Girrawheen, Western Australia facts for kids
Quick facts for kidsGirrawheen
Perth, Western Australia
|Population||8,334 (2011 census)|
|• Density||2,033/km2 (5,270/sq mi)|
|Area||4.1 km2 (1.6 sq mi)|
|Location||15 km (9 mi) N of Perth|
|LGA(s)||City of Wanneroo|
In October 1969, the Government, in a bid to offer affordable land for housing following the McCarrey Report, rezoned a large portion of land in the area from Urban Deferred to Urban, which was then included in land set aside for the State Housing Commission under the Mirrabooka satellite city development scheme. The plan never came to fruition, although a town planning scheme was approved by the Shire of Wanneroo in September 1970.
On 26 June 1970, the Shire gazetted the name "Girrawheen", meaning "place of flowers" or "the place where flowers grow" in an Eastern States Aboriginal language, possibly that of the Kambuwal people in southeastern Queensland. The name was already in use for the Girraween National Park near Stanthorpe, Queensland, Queensland, and a suburb of Girraween in western Sydney was gazetted five years later.
Girrawheen is located 15 kilometres (9 mi) north of Perth's central business district, and is bounded by Wanneroo Road to the west, Beach Road to the south, Marangaroo Drive to the north and Mirrabooka Avenue to the east.
In the 2011 census, Girrawheen had a population of 8,334.
Girrawheen residents had a median age of 33 compared to the Perth median of 37, and median incomes were below average for the state — $494 per week compared with $662 per week. The population of Girrawheen was ethnically mixed — while 53.3% were born in Australia, the next most common countries of birth were England 5.4%, Vietnam 5.1%, Burma (Republic of the Union of Myanmar) 3.5%, New Zealand 2.8% and Sudan 1.7%. 3.2% of residents identified as Indigenous Australians.
The most popular religious affiliations in descending order in the 2011 census were Roman Catholic 22.8%, no religion 20.6%, Anglican 13.5%, Buddhism 6.1% and Islam 6.0%.
Two small shopping centres, Newpark and Summerfield, provide for the suburb's daily shopping needs. Larger shopping centres at Marangaroo (Kingsway City), Warwick Grove and The Square Mirrabooka are all located within 4 km of the suburb's boundaries.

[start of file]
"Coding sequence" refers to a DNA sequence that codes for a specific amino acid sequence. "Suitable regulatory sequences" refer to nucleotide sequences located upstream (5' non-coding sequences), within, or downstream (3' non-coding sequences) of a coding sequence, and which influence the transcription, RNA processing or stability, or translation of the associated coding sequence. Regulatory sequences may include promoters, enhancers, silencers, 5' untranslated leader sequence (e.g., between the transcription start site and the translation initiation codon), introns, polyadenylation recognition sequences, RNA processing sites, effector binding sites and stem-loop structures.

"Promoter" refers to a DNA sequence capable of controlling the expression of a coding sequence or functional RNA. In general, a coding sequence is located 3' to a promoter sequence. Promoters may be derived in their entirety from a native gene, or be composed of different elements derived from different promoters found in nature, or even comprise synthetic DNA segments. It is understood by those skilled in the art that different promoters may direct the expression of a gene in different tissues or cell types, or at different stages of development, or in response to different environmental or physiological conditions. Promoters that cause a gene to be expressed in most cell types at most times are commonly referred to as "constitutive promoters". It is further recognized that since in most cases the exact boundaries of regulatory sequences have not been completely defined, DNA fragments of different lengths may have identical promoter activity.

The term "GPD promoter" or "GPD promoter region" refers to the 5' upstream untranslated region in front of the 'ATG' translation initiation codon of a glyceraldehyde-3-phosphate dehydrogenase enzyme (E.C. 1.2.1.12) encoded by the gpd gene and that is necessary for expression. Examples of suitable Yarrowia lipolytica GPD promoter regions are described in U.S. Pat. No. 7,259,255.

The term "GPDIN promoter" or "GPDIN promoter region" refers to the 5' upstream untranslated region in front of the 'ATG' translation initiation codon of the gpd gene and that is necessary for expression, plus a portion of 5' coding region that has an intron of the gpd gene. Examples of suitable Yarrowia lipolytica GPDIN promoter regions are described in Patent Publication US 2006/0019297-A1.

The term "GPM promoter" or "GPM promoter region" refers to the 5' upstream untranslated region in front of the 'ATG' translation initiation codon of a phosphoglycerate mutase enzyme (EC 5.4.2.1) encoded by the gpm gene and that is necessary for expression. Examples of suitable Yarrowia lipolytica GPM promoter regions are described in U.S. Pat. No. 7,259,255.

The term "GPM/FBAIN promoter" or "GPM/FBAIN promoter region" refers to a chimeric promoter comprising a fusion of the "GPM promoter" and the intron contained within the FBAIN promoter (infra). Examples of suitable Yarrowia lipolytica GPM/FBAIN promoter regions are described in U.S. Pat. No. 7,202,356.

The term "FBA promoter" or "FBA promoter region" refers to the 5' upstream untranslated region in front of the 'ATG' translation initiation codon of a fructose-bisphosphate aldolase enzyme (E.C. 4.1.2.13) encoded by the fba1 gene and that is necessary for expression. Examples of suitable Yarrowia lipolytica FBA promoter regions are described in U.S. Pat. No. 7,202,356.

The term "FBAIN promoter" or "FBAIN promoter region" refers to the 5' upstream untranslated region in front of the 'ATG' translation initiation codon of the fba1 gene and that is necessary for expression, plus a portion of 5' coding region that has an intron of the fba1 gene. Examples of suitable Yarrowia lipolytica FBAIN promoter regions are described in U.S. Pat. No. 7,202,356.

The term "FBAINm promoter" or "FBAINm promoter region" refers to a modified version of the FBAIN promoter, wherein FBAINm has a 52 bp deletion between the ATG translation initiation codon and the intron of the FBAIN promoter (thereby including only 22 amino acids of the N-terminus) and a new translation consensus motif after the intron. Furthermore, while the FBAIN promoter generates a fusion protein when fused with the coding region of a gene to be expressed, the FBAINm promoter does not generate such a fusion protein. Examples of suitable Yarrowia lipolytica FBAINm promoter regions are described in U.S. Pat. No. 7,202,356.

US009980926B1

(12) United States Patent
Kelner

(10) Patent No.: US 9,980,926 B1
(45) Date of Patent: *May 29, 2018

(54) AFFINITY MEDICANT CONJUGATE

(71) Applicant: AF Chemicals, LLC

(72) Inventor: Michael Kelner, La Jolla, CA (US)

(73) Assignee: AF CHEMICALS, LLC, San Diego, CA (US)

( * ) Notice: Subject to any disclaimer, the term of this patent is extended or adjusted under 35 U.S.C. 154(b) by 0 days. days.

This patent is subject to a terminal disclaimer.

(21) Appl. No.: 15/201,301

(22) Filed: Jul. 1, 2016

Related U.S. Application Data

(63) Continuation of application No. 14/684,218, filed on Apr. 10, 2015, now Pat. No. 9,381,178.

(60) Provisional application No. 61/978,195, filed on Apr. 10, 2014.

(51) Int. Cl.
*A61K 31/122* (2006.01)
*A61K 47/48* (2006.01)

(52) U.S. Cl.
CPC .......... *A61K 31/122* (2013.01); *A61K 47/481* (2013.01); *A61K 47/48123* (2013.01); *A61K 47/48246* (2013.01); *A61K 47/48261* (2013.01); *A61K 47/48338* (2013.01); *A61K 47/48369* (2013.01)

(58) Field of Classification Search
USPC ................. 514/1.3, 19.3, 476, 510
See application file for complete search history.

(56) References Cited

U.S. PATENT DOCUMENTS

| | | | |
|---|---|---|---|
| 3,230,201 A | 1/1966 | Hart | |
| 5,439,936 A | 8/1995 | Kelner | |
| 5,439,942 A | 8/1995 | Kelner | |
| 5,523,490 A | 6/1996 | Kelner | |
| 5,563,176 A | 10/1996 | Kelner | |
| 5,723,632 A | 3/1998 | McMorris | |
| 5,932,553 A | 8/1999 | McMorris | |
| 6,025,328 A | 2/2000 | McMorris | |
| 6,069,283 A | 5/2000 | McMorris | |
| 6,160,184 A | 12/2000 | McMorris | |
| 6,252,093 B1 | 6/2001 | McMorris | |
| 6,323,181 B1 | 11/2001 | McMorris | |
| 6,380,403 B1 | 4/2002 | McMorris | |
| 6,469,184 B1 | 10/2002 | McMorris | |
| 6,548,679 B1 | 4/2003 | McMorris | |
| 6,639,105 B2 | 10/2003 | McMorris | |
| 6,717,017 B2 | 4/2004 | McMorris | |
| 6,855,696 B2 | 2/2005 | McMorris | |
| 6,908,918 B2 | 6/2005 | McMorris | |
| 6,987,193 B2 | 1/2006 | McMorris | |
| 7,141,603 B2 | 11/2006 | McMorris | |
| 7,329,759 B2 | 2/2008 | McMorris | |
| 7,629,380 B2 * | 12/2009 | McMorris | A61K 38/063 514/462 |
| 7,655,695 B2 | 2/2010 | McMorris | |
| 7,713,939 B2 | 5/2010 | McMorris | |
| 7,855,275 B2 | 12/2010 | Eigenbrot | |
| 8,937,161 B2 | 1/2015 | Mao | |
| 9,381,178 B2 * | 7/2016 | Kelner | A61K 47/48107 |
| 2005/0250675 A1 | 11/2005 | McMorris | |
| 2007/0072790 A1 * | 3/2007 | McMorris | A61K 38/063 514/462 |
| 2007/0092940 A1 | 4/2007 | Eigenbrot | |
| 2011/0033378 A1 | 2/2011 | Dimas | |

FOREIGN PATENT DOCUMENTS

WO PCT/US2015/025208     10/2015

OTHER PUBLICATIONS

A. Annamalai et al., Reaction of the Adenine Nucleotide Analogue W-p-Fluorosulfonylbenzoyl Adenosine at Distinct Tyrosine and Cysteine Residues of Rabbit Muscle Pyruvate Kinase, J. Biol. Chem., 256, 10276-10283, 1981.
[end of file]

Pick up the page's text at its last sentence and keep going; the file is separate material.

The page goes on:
The suburb contains four churches—Uniting and Baptist churches in Salcott Road, and Catholic and non-denominational on Girrawheen Avenue—as well as the Maha Bodhi Buddhist monastery which adheres to the Burmese Theravada tradition. The neighbouring suburb of Mirrabooka contains the At-Taqwa mosque.
Numerous parks are dotted through the suburb and many offer courts, ovals and other sporting facilities. A library and community centre are located adjacent to Summerfield shopping area on Patrick Court, and a recreation centre on Hainsworth Avenue, also serve local residents.
Girrawheen is located in the Swan Educational District, and contains three state primary schools and one state high school. The socio-economic profile of the suburb together with the high numbers of Vietnamese, Sudanese and Aboriginal students, some of whom have low literacy or English language skills, mean that all schools in the suburb have been a high priority for Commonwealth and State funding and offer specialist literacy support services not found at many other metropolitan schools. Blackmore Primary School, in the suburb's west, opened in 1971 Girrawheen Primary School, in the centre of the suburb, opened in 1975. These two schools Amalgamated in 2008 on the former GIRRAWHEEN Primary School site. The new amalgamated school is named HUDSON PARK Primary School. After the nearby public space utilised for many team and social activities. Roseworth Primary School, the result of a 2008 amalgamation of Hainsworth (1972) and Montrose Primary Schools, currently accommodates 51 pre-primary and 207 primary students. Classes are currently conducted at the former Hainsworth school site until new buildings are completed at the former Montrose site in 2009. The school also has an Education Support Centre with 29 students. In partnership with Edith Cowan University and the Fogarty Foundation, the new school will include a research facility for teaching methods and behaviour management techniques.
Girrawheen Senior High School, whose catchment area covers the suburb as well as neighbouring Koondoola, Marangaroo and Alexander Heights, was built in 1974 and accommodates 521 students, 42 teachers and 44 other staff. Across this population are represented approximately 50 cultural groups and 27 language groups.
Two private primary schools are also located in the suburb—Our Lady of Mercy Primary adjacent to the Summerfield shopping area, and Emmanuel Christian Primary School in Salcott Road, whilst Mercy College, a Catholic school covering Kindergarten to Year 12 and established in 1972 by the Sisters of Mercy, is located just beyond the suburb's southeastern boundary.
The suburb is served by a number of Transperth bus routes operated by Path Transit and Transdev Perth. The 344 (Warwick–Ballajura–Morley) covers Marangaroo Drive, the 389 (Perth–Wanneroo) covers Wanneroo Road, and the 386 (Perth–Marangaroo) routes along with various routes from Mirrabooka bus station cover other parts of the suburb.
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